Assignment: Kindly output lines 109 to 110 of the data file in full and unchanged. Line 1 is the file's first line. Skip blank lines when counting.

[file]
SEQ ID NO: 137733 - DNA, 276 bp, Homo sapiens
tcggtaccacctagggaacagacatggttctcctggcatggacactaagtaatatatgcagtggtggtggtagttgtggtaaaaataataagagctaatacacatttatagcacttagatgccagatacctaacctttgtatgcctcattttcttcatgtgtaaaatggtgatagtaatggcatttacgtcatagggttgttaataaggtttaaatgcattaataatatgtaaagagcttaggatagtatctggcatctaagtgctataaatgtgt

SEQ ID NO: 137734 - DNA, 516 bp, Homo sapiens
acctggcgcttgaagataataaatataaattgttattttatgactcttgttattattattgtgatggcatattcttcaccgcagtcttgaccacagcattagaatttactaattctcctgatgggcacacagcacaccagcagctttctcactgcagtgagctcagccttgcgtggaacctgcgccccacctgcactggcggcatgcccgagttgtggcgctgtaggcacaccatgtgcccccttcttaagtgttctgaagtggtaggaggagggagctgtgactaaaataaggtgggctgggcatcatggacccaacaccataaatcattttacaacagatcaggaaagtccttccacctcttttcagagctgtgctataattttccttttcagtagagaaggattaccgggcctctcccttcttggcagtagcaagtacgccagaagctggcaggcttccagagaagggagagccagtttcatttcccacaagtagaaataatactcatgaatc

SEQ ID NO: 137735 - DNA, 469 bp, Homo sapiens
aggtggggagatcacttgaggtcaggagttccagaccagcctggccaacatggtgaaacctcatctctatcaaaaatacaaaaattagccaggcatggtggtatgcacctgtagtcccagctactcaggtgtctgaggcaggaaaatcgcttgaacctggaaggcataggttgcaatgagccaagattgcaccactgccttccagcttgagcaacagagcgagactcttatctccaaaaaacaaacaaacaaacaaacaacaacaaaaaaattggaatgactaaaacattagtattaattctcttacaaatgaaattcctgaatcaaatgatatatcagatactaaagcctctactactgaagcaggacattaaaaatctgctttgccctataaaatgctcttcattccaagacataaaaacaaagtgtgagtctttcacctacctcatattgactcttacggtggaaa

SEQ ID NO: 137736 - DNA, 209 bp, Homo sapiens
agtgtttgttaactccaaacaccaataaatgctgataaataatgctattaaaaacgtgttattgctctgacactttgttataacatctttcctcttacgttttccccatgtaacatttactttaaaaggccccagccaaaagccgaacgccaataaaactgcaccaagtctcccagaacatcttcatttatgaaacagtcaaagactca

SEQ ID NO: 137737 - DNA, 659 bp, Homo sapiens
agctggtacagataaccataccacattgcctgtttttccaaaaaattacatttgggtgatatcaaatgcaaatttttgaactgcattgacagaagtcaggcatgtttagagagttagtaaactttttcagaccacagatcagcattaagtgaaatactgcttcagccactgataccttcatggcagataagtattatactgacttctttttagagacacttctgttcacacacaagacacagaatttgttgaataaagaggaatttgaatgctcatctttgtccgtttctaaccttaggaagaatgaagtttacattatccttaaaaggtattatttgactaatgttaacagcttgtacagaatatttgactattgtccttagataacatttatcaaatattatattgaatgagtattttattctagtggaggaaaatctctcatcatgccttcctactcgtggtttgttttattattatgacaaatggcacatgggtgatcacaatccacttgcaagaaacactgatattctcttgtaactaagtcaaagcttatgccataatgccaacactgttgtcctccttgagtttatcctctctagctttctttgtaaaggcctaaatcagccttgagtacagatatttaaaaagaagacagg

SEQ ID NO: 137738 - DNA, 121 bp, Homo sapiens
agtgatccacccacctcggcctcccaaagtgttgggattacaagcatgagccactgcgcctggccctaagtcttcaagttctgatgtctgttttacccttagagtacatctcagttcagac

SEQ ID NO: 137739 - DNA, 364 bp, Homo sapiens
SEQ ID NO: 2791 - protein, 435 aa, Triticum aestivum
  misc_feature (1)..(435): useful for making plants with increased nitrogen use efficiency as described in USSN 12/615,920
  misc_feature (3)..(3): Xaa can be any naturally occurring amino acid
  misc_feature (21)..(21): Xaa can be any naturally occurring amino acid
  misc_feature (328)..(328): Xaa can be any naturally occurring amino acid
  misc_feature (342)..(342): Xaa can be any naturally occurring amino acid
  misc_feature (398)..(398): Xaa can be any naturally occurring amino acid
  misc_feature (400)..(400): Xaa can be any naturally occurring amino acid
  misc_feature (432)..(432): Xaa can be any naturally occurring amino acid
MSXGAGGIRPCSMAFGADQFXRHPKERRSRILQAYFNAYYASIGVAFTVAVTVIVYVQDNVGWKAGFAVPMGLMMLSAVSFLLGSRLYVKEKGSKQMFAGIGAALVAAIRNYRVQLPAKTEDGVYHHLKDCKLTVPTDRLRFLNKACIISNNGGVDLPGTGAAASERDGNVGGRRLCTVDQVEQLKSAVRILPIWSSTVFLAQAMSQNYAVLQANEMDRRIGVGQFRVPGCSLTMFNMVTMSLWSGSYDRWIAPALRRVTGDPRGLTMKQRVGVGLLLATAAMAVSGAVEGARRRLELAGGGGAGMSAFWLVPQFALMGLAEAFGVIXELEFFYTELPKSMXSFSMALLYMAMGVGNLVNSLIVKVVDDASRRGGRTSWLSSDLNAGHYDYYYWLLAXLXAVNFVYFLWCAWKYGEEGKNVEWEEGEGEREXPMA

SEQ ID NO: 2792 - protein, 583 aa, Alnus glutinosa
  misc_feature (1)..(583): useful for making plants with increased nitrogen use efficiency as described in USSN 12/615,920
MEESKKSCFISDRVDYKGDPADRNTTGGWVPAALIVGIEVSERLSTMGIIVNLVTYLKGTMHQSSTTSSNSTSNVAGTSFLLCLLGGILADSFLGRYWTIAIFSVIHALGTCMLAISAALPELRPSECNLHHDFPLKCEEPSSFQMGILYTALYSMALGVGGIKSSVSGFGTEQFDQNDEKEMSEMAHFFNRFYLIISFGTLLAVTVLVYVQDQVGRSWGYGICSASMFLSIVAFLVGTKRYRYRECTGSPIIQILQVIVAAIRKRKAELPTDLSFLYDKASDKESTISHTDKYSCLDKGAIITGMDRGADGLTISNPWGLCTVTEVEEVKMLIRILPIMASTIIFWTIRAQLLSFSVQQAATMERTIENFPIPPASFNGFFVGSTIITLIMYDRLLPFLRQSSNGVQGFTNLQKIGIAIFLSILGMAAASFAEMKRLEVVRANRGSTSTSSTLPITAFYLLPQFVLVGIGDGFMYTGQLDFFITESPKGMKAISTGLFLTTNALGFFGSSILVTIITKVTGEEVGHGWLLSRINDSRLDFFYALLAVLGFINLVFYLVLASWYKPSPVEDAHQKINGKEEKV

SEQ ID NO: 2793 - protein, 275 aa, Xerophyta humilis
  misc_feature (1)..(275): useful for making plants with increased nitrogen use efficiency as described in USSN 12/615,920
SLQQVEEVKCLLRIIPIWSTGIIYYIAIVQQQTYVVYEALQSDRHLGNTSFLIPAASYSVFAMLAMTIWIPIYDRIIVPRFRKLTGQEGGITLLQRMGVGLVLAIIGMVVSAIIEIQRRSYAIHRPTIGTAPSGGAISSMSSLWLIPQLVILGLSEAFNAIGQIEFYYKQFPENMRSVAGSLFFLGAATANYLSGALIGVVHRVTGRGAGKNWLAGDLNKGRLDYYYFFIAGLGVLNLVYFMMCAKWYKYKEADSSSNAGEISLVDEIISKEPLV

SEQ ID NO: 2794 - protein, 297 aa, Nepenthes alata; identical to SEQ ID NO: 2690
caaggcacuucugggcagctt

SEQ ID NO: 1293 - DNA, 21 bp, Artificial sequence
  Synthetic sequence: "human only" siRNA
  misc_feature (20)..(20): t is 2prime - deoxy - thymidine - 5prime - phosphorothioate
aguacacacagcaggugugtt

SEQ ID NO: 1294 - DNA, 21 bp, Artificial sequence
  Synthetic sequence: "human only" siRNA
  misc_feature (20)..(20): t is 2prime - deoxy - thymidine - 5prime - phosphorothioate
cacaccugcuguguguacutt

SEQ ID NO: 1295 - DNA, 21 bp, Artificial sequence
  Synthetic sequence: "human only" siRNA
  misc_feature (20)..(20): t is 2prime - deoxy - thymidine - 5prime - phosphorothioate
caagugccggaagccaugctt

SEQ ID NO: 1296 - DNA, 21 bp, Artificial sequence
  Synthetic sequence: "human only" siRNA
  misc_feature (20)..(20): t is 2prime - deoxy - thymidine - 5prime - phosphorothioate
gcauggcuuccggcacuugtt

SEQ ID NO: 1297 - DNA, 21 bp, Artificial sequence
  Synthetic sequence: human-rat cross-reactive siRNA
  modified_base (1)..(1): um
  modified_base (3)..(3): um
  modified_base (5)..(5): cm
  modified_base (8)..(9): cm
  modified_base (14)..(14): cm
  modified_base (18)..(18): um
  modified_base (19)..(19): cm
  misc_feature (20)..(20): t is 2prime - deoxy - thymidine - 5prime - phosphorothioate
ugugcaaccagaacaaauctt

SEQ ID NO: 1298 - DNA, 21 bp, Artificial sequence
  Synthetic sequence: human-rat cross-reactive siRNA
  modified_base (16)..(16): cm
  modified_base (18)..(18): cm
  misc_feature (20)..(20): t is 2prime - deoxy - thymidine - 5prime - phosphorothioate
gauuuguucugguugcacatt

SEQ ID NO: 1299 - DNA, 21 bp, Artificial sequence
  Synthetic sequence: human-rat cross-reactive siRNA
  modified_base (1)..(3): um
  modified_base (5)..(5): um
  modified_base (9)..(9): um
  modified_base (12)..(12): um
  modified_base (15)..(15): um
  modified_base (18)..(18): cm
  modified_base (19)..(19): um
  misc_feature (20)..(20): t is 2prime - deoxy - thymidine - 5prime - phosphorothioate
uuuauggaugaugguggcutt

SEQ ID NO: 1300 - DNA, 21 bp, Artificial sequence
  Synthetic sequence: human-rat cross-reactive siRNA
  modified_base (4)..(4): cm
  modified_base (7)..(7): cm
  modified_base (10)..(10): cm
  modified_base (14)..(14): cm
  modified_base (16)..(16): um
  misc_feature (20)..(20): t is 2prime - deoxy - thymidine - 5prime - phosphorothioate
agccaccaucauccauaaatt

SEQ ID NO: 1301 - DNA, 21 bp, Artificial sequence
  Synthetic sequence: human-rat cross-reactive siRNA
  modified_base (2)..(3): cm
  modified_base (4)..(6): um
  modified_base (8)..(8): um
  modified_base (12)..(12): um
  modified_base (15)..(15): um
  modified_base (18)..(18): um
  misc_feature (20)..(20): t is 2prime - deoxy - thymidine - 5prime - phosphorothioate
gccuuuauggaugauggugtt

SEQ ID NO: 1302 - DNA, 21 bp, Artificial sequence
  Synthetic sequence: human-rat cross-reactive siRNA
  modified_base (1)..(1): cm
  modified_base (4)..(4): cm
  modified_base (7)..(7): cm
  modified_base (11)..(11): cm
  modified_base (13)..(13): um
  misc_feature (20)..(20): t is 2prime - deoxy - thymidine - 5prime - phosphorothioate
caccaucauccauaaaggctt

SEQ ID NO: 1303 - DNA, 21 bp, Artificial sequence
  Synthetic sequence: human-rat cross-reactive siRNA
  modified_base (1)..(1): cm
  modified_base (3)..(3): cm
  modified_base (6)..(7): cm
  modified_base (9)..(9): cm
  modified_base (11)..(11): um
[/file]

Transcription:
  modified_base (9)..(9): cm
  modified_base (11)..(11): um